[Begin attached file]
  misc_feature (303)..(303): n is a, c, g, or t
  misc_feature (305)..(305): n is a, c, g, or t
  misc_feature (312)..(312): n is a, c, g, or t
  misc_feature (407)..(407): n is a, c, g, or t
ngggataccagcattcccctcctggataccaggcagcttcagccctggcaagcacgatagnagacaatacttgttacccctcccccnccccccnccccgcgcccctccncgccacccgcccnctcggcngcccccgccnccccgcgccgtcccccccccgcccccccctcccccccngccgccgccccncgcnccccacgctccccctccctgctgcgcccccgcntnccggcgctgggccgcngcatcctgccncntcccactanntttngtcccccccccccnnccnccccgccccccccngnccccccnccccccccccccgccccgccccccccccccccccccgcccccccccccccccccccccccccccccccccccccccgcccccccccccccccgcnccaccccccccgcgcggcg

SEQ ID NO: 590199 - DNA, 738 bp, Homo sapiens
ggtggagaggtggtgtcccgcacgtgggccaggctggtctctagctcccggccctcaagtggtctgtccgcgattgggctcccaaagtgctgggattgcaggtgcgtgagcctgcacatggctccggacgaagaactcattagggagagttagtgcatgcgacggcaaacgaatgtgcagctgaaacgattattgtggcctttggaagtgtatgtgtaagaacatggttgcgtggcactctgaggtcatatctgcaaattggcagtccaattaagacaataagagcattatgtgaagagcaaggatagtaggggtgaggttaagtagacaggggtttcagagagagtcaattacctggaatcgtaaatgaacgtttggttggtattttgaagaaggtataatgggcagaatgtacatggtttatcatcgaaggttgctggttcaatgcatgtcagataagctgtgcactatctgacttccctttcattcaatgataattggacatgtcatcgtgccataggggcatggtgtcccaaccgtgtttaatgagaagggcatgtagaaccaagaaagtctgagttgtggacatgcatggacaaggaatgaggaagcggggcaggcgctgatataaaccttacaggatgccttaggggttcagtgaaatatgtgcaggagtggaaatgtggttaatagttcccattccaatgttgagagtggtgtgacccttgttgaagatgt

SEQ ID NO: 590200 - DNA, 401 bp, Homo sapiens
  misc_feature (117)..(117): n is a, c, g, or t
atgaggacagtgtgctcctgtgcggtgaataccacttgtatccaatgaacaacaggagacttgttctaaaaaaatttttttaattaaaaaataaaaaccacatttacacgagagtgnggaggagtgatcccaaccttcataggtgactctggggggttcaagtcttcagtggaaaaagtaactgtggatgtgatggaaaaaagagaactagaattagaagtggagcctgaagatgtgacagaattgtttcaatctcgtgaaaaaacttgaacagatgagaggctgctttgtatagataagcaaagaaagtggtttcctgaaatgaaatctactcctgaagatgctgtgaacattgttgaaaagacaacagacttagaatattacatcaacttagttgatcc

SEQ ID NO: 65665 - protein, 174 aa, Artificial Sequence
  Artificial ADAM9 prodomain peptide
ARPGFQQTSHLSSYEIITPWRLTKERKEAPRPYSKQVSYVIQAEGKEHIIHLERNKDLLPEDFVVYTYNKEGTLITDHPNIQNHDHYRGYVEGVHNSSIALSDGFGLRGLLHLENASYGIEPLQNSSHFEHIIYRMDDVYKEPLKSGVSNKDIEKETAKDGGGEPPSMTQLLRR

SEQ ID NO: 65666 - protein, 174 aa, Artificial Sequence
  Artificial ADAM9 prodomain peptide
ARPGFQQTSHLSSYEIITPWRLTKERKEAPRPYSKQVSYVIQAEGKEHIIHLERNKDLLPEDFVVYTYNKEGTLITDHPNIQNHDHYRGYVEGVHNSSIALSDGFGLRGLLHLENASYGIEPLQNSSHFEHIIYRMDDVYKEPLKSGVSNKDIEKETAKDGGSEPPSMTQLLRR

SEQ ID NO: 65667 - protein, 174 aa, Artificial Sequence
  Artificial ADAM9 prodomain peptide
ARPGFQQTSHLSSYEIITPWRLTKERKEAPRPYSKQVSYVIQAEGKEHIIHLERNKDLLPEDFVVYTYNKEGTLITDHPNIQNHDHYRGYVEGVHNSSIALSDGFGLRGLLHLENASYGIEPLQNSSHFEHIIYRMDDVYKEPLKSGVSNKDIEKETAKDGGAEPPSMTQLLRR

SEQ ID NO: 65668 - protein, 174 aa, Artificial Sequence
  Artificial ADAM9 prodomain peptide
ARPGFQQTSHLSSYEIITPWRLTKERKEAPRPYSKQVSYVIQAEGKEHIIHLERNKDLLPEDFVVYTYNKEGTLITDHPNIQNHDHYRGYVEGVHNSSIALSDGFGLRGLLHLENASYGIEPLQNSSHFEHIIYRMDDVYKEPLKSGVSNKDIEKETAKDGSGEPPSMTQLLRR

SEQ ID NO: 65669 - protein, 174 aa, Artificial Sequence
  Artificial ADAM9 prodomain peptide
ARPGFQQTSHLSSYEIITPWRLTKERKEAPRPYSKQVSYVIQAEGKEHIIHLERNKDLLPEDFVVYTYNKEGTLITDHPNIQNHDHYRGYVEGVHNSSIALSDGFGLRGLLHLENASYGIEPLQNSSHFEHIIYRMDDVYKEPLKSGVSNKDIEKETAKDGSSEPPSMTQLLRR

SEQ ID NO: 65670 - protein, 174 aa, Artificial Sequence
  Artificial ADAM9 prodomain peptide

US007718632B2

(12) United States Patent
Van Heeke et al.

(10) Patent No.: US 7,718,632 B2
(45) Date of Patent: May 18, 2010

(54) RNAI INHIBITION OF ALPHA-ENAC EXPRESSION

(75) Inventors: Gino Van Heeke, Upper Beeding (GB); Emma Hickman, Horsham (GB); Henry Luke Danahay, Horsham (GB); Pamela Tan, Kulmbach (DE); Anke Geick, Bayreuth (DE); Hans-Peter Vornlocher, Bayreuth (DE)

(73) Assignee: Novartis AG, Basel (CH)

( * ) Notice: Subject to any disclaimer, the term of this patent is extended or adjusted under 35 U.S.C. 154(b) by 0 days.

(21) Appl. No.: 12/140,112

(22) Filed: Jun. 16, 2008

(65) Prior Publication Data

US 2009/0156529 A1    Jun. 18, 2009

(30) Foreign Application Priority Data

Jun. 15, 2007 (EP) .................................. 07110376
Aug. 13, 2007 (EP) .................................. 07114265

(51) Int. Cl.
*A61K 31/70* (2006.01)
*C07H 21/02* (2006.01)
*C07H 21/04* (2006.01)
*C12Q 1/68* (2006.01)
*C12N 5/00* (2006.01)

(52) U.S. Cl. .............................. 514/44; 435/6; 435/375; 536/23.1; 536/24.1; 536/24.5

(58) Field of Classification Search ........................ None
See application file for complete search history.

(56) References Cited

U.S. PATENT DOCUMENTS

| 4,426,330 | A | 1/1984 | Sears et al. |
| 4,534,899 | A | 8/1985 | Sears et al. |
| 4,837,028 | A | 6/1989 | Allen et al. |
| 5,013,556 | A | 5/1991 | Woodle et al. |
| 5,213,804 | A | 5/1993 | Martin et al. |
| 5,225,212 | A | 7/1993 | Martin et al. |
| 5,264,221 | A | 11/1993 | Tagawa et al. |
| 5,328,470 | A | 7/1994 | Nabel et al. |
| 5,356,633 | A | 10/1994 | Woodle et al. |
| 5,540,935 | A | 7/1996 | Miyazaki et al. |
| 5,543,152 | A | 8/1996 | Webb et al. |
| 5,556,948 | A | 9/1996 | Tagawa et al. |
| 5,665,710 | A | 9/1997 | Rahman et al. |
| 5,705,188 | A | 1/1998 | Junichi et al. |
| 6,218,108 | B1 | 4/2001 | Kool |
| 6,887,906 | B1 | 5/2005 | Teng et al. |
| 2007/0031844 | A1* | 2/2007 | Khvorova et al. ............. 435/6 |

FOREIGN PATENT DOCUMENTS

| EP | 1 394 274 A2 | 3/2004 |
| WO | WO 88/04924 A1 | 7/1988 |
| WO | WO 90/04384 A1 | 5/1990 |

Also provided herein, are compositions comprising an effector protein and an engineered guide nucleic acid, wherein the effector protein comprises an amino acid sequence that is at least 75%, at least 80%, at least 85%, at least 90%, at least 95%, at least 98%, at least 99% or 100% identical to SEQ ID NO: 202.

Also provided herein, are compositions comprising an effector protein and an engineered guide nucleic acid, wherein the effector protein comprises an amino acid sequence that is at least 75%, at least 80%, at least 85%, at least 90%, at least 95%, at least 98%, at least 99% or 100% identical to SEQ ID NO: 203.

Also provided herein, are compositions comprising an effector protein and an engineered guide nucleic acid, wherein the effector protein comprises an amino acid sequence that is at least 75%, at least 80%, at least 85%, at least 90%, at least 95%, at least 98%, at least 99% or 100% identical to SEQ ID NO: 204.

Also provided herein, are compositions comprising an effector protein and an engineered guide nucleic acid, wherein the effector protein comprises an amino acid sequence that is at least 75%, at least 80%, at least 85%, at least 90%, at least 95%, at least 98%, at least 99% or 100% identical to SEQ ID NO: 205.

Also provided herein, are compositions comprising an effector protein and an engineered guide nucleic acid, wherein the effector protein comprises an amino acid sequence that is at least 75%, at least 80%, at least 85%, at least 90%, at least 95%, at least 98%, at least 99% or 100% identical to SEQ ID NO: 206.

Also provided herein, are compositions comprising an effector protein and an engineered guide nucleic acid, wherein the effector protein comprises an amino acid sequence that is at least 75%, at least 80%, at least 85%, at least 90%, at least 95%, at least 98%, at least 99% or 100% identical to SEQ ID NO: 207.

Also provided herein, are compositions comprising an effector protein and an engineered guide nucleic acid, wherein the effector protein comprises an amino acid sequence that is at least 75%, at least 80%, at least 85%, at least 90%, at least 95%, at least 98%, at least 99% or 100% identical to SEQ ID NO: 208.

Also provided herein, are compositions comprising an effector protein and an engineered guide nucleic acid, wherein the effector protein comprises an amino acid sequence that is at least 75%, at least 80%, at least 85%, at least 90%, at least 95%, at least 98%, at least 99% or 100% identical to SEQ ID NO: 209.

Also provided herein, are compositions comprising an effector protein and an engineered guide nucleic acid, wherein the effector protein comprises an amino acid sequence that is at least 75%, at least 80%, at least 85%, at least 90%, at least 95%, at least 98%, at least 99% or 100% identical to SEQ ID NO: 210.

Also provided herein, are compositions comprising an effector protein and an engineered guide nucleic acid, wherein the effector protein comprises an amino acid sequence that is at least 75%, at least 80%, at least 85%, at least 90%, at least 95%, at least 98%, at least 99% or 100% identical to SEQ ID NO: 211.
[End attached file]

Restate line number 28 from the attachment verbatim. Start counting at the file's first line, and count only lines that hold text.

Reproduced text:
US007718632B2